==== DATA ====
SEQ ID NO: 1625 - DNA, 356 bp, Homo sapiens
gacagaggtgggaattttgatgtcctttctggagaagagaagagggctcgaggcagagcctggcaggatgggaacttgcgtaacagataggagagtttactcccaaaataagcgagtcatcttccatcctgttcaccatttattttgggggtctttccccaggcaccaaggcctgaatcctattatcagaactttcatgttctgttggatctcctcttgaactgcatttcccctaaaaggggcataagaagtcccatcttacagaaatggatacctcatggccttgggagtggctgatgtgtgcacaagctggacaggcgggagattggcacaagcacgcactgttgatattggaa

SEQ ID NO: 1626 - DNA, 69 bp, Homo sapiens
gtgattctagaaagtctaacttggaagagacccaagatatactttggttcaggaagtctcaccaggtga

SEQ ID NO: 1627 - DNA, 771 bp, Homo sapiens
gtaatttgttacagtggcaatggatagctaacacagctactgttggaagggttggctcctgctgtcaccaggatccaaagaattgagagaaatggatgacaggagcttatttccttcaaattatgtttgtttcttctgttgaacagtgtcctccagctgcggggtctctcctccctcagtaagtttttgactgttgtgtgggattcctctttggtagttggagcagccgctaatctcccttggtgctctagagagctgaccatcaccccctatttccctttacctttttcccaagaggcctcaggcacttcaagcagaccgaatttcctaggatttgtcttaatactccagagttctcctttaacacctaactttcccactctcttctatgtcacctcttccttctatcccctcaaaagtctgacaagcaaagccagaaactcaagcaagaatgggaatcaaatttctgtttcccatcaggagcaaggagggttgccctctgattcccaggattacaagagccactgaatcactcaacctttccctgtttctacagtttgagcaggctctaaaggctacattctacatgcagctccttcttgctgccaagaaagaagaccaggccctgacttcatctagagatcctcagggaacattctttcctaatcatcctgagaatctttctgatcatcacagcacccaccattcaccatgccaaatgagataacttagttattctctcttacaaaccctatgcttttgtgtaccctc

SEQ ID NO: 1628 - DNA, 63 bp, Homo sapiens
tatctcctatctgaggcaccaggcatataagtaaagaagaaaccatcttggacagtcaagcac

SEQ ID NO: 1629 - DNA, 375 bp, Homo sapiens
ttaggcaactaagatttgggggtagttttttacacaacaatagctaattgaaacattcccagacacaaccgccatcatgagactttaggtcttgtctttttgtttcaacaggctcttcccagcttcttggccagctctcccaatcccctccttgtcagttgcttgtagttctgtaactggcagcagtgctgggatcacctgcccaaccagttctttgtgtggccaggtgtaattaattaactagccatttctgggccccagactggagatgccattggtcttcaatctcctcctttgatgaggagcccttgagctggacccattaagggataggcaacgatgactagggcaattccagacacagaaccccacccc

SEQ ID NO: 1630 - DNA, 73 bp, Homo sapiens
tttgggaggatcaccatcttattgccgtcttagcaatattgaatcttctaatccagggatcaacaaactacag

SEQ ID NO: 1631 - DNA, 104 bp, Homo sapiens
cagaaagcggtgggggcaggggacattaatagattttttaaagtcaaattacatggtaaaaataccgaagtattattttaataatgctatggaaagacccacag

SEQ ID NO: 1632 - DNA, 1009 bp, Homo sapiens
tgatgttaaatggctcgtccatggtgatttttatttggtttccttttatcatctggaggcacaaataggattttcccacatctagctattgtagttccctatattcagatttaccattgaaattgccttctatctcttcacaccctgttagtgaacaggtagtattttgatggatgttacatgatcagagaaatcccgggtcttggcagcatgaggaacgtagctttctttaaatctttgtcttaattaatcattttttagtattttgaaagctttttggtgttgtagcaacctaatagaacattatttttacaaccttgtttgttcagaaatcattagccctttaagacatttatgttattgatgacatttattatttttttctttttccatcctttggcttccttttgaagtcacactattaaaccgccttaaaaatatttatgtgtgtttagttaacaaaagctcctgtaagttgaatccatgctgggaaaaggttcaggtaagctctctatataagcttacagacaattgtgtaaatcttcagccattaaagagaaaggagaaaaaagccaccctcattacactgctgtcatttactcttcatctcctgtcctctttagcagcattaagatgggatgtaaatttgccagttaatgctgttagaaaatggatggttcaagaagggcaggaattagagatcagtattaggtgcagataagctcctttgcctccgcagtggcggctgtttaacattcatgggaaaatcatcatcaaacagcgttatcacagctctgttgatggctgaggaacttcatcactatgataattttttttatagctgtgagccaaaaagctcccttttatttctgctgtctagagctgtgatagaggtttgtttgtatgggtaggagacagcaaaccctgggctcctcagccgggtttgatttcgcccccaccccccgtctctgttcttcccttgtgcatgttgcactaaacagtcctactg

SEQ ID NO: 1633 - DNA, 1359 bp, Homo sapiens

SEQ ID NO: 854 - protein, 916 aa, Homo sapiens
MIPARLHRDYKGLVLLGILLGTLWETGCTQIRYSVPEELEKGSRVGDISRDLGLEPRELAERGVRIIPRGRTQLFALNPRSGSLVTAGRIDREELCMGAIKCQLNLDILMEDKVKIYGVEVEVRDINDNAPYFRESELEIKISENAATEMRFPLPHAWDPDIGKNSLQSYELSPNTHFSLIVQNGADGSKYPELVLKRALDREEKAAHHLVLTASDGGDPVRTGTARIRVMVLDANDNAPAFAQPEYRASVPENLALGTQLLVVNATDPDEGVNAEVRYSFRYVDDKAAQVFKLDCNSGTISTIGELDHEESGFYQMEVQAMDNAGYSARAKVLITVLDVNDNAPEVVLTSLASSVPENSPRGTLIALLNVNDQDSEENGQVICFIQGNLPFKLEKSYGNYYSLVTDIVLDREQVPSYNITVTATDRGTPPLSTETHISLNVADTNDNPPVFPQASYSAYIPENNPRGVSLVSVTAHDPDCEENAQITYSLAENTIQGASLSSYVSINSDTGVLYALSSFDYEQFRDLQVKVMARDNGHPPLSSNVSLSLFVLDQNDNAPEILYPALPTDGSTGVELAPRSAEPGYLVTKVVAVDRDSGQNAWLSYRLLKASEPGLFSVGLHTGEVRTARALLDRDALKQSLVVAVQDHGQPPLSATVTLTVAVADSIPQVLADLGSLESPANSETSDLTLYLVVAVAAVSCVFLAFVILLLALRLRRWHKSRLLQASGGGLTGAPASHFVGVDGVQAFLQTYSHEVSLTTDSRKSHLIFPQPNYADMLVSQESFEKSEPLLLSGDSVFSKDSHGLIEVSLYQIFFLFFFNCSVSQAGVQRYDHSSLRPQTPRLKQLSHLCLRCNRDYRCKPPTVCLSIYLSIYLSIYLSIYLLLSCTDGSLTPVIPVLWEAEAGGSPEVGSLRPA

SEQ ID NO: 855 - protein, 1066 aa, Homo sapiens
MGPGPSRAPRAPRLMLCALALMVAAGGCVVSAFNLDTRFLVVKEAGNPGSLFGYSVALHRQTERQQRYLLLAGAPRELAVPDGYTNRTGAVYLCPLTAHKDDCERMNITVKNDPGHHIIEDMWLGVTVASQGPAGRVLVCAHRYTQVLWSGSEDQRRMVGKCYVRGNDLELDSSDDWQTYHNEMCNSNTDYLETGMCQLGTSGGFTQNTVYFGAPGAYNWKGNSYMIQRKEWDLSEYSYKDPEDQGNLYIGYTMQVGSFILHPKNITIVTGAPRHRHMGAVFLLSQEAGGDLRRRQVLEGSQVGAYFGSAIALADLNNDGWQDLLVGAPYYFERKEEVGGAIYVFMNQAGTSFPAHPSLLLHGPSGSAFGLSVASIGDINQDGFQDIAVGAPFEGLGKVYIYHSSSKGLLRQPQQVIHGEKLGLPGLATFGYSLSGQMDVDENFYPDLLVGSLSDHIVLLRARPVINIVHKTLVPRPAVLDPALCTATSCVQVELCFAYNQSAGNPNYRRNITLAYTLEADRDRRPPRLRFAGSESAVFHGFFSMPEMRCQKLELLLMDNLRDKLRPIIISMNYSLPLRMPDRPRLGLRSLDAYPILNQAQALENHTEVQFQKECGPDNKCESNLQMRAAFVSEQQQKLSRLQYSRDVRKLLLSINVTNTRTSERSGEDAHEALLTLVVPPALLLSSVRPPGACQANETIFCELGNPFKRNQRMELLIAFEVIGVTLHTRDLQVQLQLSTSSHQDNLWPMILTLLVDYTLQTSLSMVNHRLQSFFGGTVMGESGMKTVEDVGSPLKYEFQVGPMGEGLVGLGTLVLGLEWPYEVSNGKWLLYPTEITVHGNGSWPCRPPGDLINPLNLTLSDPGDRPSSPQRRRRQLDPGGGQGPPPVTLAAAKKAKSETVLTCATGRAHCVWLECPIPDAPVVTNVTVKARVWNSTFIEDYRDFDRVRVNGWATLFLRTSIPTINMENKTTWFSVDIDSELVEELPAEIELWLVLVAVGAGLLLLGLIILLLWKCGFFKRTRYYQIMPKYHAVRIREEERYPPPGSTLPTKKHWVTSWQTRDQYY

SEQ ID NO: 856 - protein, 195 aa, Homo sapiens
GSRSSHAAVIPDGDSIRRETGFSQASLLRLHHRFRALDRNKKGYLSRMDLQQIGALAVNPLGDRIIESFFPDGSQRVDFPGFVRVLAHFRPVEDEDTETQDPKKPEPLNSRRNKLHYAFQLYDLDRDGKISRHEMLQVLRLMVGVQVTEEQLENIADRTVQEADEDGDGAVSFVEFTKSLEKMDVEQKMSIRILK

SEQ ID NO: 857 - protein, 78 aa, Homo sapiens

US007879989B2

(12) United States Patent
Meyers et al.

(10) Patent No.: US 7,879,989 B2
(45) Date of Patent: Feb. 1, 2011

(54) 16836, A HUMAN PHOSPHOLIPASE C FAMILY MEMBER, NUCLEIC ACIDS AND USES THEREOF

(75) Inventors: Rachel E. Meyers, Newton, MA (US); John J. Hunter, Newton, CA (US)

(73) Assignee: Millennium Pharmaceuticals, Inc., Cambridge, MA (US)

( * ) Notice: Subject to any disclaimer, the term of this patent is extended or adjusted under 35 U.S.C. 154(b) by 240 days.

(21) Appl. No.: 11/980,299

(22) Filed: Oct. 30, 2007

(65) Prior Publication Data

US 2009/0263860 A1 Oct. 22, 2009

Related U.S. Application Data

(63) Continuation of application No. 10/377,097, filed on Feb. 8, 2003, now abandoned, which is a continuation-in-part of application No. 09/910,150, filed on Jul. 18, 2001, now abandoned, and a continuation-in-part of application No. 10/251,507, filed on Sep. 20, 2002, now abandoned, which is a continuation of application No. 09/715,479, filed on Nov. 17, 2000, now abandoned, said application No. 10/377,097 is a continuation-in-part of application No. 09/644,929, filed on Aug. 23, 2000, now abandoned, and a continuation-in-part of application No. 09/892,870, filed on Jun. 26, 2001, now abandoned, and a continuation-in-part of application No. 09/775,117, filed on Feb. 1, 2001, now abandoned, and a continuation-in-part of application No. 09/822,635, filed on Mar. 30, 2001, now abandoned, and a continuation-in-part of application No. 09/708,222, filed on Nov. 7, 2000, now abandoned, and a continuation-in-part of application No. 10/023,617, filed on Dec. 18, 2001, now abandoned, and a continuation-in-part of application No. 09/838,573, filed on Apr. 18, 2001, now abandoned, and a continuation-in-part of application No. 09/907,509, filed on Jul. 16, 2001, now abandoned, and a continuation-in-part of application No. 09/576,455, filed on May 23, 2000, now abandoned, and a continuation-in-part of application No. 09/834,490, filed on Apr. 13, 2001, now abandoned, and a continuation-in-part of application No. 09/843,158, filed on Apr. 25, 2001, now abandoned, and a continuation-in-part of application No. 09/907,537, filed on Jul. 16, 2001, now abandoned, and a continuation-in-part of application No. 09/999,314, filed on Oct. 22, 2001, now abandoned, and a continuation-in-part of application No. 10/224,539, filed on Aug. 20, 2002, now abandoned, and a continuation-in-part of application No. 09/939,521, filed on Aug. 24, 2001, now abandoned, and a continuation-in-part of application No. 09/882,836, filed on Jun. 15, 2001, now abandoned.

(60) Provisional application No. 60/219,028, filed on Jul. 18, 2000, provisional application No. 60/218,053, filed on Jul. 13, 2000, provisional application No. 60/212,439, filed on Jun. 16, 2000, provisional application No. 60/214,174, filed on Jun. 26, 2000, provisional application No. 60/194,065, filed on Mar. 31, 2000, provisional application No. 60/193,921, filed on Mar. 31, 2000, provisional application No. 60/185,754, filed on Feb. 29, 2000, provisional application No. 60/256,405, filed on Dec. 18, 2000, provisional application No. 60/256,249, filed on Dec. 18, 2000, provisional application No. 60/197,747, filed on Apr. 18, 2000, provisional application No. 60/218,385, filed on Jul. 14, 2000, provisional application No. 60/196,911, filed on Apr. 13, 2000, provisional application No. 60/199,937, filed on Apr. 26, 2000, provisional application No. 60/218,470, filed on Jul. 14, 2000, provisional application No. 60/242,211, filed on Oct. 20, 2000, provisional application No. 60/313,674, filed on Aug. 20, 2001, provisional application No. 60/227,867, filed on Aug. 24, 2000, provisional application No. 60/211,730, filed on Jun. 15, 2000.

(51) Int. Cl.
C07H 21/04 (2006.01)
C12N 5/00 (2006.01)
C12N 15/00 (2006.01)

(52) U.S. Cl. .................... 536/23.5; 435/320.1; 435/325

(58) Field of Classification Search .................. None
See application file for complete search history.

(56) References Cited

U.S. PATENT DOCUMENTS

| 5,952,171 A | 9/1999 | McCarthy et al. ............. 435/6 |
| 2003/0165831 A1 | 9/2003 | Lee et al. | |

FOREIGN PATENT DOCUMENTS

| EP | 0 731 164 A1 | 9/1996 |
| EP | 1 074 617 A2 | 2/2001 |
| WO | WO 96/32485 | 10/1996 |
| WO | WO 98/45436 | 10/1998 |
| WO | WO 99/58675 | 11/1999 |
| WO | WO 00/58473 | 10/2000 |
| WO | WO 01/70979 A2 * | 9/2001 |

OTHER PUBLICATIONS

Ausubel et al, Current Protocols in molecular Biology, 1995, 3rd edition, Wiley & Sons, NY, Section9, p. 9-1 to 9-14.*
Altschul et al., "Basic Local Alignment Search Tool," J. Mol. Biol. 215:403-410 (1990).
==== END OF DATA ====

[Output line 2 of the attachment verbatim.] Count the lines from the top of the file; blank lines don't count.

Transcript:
gacagaggtgggaattttgatgtcctttctggagaagagaagagggctcgaggcagagcctggcaggatgggaacttgcgtaacagataggagagtttactcccaaaataagcgagtcatcttccatcctgttcaccatttattttgggggtctttccccaggcaccaaggcctgaatcctattatcagaactttcatgttctgttggatctcctcttgaactgcatttcccctaaaaggggcataagaagtcccatcttacagaaatggatacctcatggccttgggagtggctgatgtgtgcacaagctggacaggcgggagattggcacaagcacgcactgttgatattggaa